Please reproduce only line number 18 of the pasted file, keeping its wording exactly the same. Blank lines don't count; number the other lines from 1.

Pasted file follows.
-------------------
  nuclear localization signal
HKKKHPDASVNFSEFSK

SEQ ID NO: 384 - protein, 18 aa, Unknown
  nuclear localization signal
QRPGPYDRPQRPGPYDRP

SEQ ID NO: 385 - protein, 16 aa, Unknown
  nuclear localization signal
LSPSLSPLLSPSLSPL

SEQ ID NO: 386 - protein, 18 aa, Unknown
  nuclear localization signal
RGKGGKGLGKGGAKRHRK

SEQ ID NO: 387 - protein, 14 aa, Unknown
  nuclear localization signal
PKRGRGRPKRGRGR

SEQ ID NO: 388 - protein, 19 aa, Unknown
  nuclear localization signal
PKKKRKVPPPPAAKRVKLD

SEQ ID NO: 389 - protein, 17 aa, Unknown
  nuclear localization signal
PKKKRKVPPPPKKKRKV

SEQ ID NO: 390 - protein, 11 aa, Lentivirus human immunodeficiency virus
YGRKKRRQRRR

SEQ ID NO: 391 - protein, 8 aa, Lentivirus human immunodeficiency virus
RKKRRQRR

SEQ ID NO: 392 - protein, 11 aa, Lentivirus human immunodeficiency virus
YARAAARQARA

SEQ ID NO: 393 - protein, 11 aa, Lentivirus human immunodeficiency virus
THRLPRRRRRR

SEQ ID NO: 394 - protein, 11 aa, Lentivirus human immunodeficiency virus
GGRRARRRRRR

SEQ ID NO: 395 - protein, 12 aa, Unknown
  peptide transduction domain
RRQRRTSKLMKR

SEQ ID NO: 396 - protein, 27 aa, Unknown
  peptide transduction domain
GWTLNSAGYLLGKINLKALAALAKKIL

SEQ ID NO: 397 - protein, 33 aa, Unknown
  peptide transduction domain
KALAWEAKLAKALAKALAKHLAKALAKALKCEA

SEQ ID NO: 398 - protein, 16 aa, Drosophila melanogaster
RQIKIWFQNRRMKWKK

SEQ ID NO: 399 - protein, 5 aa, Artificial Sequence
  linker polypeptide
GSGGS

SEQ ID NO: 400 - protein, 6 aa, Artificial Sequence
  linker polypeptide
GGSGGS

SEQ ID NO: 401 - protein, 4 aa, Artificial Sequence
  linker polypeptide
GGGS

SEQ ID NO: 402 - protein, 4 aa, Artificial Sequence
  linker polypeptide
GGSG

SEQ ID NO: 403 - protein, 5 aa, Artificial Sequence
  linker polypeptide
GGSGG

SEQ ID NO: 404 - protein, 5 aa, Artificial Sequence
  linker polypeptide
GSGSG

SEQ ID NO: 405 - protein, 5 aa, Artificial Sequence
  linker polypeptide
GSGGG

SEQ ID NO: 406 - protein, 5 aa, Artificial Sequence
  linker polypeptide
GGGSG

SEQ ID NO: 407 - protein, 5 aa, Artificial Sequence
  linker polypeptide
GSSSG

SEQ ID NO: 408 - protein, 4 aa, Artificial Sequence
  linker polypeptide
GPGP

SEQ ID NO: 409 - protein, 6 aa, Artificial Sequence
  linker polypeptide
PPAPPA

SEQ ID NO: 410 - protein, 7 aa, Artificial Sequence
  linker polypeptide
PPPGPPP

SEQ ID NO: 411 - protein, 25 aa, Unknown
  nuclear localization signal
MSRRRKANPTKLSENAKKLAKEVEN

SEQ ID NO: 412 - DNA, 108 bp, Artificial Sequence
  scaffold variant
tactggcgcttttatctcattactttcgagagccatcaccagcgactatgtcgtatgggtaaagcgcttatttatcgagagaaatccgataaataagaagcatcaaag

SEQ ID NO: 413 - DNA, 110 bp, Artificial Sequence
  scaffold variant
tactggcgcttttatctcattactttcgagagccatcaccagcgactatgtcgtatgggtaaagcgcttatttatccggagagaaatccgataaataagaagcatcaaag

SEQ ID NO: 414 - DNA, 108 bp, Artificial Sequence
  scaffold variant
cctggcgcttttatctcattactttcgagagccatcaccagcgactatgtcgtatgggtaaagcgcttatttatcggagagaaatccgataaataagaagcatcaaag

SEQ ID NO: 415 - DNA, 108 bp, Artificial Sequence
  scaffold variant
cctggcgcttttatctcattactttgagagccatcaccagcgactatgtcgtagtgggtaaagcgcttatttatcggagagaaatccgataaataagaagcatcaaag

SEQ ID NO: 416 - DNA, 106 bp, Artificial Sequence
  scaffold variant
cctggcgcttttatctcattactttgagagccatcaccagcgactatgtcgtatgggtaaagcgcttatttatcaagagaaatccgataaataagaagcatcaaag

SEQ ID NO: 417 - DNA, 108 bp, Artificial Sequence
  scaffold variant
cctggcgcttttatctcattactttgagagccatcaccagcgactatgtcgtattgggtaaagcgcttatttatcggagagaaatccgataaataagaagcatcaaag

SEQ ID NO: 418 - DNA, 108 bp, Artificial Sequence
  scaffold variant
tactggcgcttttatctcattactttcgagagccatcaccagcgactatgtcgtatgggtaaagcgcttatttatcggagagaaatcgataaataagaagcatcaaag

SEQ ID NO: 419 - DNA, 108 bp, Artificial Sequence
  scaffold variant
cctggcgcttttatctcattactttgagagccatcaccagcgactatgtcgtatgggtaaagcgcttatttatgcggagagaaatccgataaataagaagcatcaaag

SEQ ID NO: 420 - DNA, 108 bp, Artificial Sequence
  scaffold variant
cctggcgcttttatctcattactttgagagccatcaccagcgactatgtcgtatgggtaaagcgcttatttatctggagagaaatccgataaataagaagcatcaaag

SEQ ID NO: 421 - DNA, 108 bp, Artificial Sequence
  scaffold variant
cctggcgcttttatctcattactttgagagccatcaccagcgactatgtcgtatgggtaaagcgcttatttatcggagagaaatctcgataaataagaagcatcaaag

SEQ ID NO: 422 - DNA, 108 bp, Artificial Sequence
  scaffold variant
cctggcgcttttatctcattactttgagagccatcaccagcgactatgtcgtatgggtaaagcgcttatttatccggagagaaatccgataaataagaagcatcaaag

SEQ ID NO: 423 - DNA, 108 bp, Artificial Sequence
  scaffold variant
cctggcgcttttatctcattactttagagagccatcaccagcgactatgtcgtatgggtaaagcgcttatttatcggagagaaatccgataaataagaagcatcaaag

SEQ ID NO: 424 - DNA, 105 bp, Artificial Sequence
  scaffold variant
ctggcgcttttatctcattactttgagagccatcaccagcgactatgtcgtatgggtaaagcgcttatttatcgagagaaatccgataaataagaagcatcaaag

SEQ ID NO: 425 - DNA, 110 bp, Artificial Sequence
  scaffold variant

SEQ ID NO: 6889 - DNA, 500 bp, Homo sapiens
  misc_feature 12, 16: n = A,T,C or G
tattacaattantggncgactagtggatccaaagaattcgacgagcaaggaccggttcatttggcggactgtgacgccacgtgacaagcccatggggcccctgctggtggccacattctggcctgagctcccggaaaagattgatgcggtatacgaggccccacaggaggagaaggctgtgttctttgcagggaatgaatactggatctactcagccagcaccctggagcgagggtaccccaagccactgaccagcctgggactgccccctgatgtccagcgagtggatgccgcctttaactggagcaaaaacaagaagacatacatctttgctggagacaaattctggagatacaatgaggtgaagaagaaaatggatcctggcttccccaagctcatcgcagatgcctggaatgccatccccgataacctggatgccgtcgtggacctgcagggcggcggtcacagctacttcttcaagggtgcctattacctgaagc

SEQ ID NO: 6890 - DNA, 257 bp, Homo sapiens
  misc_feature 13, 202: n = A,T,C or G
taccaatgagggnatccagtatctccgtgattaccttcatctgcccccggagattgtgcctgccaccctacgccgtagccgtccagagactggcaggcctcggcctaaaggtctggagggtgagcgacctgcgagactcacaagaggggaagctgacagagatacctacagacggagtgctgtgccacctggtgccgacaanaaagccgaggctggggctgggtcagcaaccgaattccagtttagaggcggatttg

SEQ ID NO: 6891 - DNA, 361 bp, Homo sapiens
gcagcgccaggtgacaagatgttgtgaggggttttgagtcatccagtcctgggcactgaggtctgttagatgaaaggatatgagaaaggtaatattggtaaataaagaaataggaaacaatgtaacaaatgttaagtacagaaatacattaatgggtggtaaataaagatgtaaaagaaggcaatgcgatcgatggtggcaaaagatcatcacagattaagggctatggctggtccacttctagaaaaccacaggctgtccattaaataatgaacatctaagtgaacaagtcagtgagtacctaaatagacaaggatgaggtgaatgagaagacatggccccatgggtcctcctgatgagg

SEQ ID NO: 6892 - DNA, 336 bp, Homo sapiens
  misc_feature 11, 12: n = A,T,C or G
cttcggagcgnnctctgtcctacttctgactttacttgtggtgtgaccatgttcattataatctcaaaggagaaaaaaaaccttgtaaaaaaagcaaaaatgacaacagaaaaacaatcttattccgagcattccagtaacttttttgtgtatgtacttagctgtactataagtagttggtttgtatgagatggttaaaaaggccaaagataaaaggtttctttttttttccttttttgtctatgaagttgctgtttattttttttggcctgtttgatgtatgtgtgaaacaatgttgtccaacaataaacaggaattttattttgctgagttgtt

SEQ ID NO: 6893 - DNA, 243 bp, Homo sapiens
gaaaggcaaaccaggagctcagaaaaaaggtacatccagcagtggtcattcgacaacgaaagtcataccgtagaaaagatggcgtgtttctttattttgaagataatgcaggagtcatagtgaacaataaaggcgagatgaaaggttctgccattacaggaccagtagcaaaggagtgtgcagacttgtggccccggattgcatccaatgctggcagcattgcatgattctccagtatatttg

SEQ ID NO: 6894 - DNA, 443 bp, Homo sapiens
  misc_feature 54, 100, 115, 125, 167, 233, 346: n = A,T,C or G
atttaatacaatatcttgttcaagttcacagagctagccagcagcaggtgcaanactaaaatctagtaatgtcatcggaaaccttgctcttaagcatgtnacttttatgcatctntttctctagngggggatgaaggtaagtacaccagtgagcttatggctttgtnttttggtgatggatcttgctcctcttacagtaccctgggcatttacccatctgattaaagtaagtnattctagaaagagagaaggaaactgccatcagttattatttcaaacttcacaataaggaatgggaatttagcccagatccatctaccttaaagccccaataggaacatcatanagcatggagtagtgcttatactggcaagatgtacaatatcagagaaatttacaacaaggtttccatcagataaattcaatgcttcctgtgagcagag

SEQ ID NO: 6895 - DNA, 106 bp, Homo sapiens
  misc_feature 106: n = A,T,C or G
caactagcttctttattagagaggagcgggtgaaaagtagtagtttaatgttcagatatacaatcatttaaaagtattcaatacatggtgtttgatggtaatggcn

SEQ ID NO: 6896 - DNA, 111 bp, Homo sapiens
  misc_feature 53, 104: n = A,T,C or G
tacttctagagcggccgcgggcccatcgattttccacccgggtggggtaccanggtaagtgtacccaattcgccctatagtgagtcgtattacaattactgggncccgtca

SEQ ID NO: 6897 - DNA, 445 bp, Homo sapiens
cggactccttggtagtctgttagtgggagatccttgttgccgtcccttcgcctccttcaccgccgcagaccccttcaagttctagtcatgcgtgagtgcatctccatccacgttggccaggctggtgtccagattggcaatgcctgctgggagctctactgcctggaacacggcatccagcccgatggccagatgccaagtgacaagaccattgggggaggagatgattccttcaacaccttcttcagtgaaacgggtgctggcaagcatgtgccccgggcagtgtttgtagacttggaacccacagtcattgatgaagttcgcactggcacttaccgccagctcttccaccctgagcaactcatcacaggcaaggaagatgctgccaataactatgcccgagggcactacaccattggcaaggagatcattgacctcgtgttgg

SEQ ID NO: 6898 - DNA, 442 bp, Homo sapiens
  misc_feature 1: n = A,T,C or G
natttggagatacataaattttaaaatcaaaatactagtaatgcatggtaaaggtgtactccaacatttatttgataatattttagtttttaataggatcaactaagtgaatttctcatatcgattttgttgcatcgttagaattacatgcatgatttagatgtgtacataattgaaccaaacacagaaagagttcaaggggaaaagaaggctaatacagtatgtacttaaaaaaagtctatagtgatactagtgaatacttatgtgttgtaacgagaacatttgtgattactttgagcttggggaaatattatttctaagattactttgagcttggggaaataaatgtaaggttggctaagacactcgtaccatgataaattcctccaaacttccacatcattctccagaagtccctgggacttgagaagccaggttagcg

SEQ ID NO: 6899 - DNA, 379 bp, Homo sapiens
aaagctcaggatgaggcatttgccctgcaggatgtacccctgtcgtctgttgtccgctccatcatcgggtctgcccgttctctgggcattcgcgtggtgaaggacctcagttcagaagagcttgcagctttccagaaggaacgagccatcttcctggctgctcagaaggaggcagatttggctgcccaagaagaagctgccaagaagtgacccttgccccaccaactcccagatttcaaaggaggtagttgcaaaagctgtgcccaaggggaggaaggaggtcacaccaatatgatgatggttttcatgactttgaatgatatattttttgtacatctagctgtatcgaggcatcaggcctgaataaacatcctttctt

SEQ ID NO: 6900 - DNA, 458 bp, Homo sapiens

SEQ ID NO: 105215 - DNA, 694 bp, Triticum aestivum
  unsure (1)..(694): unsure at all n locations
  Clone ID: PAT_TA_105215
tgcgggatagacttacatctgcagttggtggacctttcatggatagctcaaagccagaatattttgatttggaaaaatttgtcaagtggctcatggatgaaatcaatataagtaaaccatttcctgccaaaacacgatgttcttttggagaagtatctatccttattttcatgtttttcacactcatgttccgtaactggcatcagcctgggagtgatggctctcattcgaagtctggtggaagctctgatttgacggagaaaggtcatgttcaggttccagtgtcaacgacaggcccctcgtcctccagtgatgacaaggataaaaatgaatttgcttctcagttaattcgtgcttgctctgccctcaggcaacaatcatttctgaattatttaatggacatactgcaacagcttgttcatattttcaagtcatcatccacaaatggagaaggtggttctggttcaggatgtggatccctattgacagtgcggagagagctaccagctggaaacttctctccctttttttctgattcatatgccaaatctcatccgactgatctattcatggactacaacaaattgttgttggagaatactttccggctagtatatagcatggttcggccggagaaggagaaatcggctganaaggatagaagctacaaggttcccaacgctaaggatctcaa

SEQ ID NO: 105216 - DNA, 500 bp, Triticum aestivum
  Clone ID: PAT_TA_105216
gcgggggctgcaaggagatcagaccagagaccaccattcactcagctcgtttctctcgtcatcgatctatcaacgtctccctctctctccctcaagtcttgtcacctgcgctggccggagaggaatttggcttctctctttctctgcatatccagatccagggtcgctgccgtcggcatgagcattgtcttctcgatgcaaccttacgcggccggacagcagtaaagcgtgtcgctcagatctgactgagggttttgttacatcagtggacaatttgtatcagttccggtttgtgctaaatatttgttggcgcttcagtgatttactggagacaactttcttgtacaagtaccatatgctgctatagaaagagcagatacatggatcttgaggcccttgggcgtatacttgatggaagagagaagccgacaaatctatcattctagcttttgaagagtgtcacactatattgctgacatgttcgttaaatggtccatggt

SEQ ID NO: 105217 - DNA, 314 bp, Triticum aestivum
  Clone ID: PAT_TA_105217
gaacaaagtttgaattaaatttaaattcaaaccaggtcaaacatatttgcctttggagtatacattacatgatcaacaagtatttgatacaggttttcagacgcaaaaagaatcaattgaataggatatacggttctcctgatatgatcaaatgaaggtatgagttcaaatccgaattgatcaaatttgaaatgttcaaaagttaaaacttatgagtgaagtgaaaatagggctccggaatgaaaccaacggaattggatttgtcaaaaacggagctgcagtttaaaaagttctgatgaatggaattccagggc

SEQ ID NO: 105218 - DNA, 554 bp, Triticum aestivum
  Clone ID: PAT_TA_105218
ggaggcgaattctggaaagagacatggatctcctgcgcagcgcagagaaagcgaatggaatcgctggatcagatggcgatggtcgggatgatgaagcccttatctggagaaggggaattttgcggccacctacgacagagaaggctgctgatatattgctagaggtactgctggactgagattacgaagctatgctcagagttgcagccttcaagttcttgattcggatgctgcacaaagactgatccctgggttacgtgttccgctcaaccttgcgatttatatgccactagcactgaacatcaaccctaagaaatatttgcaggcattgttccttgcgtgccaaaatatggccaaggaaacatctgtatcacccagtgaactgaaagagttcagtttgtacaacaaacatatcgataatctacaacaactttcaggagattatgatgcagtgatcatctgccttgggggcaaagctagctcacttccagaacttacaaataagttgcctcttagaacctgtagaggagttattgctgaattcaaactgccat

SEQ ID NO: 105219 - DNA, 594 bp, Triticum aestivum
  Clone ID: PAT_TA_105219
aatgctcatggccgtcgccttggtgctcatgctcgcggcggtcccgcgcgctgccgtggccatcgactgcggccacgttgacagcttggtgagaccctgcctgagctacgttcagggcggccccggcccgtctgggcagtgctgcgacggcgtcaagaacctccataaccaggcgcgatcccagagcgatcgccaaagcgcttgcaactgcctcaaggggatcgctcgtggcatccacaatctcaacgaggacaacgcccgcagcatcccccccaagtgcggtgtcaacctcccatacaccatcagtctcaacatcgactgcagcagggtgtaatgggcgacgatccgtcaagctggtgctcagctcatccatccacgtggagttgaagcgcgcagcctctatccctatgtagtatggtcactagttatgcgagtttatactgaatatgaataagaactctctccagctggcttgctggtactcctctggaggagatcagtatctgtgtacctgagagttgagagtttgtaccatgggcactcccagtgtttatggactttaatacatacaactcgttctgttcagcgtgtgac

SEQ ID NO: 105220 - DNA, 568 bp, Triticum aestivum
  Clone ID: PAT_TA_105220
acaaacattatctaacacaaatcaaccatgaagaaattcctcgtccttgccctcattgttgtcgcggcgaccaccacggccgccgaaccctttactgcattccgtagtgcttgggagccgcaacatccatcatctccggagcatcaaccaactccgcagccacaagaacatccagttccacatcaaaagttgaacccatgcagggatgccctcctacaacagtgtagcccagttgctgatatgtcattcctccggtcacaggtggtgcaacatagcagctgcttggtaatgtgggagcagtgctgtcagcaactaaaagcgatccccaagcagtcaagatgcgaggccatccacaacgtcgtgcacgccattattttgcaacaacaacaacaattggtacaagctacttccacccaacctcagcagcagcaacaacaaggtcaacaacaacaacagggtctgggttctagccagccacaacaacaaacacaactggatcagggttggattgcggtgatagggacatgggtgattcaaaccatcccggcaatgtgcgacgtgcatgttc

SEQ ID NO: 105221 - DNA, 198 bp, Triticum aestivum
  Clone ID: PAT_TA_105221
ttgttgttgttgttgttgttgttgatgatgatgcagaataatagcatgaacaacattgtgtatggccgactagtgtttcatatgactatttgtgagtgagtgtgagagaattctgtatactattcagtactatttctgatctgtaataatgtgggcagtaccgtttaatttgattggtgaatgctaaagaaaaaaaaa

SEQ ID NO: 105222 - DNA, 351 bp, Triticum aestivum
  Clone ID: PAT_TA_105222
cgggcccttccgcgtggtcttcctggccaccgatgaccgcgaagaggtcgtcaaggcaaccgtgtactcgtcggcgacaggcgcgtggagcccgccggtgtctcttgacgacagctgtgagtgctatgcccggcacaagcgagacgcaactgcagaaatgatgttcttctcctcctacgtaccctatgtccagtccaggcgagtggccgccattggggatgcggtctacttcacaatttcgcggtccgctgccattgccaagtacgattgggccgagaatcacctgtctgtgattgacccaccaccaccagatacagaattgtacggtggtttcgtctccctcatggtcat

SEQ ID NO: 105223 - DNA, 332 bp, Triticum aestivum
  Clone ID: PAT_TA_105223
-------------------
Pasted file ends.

SEQ ID NO: 389 - protein, 17 aa, Unknown